Led by glorious closing worship music provided by Charleston, S.C.-based St. James Presbyterian Church choir, Presbyterians concluded their Big Tent experience Aug. 3 dancing. 

The choir, under the direction of Charles A. McDonald, got hundreds of hands clapping and dozens of feet tapping with “Every Praise” and “Days of Elijah.” 

The choir offered up “Every Praise” while children placed bread and juice on the communion table.

 In her sermon, the Rev. Pam Driesell, senior pastor at Trinity Presbyterian Church in Atlanta, focused on a Cambodian phrase she learned while visiting her son there while he was serving in the Peace Corps: “same same but different.” The phrase describes the feeling one gets after travel, or even after an encounter with the holy: Outside, we’re the same person we were but inside, something has changed. 

She was so taken with the phrase that she slapped it on a T-shirt.

Driesell got the “same same but different” feeling following a very strenuous hike with her son up a Cambodian mountain. The prize was a picturesque old temple, and the monks who lived there. Her son was particularly moved, telling his mother, “They know something I don’t.” 

“Maybe Jesus sent out the disciples so they can remember they are the least of these — and so are we,” Driesell said. “We are as vulnerable and needy as anybody else.”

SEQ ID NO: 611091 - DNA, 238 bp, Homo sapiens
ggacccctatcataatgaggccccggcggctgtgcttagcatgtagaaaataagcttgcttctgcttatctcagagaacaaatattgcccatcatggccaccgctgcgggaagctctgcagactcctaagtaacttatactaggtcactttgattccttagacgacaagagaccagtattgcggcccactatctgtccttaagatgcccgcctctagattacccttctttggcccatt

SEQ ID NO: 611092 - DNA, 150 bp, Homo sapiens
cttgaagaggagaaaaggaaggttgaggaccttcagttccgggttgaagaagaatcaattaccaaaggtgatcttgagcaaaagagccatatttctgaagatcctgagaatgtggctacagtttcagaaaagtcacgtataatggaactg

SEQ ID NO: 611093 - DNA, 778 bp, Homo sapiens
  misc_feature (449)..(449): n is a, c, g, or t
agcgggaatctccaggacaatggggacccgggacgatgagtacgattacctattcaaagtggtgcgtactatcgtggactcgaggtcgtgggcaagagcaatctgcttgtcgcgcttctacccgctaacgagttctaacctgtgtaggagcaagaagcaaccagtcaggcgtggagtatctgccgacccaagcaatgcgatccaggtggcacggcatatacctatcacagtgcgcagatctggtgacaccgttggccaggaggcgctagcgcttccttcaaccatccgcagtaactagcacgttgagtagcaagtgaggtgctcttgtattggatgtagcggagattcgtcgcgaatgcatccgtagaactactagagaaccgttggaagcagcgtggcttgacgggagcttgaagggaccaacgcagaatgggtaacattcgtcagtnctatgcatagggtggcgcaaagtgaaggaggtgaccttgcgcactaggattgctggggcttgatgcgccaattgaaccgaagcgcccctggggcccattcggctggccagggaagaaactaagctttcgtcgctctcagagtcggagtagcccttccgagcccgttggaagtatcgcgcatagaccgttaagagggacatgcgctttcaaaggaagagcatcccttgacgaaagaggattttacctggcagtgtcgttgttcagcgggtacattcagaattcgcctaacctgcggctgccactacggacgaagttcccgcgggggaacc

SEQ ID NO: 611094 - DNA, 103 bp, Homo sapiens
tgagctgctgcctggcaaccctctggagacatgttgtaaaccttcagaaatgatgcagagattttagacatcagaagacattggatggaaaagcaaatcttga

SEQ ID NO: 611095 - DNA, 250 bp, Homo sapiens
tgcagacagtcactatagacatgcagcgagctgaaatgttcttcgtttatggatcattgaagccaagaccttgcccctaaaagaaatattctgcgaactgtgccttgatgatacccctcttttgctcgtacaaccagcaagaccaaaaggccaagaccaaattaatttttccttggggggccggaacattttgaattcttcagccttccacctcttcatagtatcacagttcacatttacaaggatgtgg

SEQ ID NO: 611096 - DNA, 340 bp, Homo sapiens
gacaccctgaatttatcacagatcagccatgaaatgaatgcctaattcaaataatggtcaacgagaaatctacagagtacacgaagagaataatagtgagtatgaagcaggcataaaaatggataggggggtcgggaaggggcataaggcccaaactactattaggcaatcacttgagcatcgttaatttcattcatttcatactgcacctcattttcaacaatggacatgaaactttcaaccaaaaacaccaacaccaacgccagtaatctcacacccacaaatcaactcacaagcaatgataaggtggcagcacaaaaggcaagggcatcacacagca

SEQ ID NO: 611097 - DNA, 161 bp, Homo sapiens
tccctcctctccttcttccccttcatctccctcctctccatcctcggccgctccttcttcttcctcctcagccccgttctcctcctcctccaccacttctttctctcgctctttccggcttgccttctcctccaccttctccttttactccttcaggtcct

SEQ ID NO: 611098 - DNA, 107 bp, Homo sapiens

Charleston, S.C.-based St. James Presbyterian Church choir

Charleston, S.C.-based St. James Presbyterian Church choir led music at closing worship. —Danny Bolin

Like the disciples, Driesell learned while in Cambodia to eat what was placed in front of her, to be “culinarily courageous.” 

It’s hard for Western Christians “to begin at a place of vulnerability, putting ourselves in a position that we have to receive from others,” she said. Then she quoted Brené Brown: “Vulnerability is the birthplace of innovation, creativity and change.” 

“I don’t like vulnerable,” Driesell said. “I prefer competent, intentional and strategic. Come on — don’t you? Nothing is wrong with those, but I don’t think they are God’s first thing.” 

Big Tent, Aug. 1-3, is a celebration of Presbyterian Church (U.S.A.) mission and ministry organized around the theme “Putting God’s First Things First.” It’s composed of 10 national Presbyterian conferences, more than 160 workshops and special events to mark the 30th anniversary of the formation of the PC(USA) and the 25th anniversary of the opening of the Presbyterian Center here.